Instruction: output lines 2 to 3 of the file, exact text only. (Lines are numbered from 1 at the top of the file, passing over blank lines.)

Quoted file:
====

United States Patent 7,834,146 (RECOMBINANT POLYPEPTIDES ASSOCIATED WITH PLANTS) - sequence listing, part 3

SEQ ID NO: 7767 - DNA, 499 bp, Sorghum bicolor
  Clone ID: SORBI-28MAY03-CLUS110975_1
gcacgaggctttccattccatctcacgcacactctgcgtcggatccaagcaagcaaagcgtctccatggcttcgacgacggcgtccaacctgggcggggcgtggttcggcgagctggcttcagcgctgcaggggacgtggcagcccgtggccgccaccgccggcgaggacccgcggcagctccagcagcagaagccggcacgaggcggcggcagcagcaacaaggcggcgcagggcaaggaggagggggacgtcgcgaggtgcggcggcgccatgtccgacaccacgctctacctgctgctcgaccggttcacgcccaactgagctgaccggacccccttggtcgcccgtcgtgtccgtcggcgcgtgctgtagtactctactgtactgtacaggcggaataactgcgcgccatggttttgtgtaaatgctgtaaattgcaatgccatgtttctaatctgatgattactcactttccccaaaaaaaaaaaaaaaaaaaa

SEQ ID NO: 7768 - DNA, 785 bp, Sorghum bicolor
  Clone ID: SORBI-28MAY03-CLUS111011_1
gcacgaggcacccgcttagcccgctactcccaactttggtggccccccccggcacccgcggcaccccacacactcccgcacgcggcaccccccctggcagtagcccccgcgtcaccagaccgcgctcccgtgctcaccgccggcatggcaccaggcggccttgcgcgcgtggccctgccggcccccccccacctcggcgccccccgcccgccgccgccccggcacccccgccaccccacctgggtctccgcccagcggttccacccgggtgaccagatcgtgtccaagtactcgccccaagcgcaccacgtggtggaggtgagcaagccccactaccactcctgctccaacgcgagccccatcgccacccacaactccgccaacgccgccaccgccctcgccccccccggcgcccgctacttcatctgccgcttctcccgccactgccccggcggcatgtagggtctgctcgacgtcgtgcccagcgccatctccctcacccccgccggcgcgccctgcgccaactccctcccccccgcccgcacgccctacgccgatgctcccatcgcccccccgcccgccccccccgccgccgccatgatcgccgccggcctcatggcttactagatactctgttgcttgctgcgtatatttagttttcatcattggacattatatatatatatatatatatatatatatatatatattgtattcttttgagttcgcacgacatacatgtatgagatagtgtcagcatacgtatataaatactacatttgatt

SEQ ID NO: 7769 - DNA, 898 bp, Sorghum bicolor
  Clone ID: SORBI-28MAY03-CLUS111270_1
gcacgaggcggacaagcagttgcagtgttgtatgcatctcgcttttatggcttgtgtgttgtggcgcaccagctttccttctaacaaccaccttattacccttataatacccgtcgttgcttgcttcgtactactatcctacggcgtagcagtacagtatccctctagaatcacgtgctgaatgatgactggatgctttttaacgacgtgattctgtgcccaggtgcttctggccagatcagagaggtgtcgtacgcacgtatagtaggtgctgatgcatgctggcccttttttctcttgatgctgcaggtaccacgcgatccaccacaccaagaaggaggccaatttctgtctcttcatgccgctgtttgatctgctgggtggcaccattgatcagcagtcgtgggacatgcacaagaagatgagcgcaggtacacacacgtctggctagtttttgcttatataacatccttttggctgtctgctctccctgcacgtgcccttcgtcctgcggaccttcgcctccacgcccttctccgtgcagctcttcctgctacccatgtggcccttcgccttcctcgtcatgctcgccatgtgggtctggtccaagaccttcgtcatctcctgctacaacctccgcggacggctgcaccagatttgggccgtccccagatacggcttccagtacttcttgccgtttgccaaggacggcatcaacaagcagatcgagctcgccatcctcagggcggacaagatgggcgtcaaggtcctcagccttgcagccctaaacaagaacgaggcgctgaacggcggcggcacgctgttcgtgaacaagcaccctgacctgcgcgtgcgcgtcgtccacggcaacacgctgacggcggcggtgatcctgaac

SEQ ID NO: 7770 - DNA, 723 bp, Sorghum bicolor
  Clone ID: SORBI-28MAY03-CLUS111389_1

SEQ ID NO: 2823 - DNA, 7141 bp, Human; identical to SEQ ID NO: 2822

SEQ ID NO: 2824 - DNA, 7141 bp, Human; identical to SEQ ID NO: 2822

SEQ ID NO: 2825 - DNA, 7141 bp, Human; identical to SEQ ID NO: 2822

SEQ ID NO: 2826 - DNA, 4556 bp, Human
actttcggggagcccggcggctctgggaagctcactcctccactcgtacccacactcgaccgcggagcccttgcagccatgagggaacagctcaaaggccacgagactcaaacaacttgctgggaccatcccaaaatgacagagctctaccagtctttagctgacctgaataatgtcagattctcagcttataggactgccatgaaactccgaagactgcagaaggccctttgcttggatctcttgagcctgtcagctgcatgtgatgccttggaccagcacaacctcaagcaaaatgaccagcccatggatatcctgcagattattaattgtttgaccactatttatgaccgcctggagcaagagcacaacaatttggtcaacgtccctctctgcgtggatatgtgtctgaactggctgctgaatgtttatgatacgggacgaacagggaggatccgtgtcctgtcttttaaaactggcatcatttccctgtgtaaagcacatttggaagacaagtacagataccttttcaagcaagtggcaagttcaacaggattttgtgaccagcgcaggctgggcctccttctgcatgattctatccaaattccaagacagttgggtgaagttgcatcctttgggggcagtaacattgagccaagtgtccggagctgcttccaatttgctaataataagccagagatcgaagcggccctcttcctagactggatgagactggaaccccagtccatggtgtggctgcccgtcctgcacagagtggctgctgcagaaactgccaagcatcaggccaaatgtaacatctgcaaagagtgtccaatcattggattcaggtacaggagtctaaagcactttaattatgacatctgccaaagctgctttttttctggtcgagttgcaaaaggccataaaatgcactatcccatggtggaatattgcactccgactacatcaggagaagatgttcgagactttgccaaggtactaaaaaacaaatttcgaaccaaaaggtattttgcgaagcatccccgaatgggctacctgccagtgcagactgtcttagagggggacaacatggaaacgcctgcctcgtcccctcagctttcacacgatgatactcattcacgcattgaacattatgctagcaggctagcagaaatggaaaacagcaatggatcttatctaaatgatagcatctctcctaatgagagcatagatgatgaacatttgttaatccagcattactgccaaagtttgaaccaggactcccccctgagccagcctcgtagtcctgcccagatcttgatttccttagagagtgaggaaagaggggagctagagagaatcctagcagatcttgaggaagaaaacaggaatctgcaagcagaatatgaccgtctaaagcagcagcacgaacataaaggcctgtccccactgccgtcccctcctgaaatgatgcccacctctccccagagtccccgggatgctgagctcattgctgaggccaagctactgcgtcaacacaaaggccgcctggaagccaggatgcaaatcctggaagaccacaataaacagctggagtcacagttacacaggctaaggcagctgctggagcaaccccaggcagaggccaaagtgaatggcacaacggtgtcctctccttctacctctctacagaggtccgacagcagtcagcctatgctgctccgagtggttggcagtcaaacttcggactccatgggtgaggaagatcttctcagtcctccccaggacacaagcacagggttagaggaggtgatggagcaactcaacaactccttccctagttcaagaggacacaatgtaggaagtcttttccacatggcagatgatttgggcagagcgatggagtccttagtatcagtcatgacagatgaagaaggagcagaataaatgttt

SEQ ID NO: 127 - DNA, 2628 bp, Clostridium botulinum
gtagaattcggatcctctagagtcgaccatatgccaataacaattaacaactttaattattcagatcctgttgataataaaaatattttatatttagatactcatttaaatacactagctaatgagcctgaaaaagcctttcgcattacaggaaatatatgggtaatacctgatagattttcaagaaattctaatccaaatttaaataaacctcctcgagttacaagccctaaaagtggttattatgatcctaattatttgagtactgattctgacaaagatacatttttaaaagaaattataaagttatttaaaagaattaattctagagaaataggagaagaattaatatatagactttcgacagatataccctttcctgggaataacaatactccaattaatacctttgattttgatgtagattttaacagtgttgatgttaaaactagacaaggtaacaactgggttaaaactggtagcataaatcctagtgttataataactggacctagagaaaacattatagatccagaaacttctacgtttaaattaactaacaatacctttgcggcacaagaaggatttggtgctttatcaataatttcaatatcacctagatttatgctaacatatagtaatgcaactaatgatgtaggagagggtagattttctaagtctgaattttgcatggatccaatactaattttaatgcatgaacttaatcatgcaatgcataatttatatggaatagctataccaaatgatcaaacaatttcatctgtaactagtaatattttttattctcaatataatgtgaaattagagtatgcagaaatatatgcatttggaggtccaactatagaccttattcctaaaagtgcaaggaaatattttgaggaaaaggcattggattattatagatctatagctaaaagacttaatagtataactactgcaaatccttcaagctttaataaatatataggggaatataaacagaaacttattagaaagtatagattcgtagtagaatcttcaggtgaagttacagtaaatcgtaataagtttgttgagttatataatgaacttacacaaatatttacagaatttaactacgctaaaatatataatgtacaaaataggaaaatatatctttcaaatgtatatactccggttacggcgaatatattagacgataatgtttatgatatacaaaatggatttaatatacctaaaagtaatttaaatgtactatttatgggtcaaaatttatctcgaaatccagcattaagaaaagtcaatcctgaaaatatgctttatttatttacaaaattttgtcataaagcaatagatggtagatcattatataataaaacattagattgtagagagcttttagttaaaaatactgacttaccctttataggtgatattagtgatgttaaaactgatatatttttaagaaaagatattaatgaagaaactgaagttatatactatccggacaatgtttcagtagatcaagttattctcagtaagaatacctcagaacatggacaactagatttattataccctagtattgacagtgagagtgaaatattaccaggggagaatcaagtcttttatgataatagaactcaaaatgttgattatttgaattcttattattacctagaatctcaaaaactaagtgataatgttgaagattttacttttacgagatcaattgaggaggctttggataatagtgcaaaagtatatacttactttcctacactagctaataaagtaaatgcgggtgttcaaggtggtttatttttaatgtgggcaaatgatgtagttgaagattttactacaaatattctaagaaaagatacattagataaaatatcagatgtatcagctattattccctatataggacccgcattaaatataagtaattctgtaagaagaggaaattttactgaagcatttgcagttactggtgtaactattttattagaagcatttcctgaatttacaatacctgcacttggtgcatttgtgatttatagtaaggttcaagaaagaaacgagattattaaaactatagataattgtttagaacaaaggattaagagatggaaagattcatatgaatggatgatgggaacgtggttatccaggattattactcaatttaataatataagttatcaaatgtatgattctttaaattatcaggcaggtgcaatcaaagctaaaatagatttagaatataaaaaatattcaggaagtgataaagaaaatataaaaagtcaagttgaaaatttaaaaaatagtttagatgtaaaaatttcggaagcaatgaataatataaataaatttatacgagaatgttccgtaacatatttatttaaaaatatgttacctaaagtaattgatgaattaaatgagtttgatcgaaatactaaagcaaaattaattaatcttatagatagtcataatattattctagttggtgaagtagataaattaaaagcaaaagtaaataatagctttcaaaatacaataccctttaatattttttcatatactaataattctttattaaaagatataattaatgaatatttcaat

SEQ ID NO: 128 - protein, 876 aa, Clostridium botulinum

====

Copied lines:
SEQ ID NO: 7767 - DNA, 499 bp, Sorghum bicolor
  Clone ID: SORBI-28MAY03-CLUS110975_1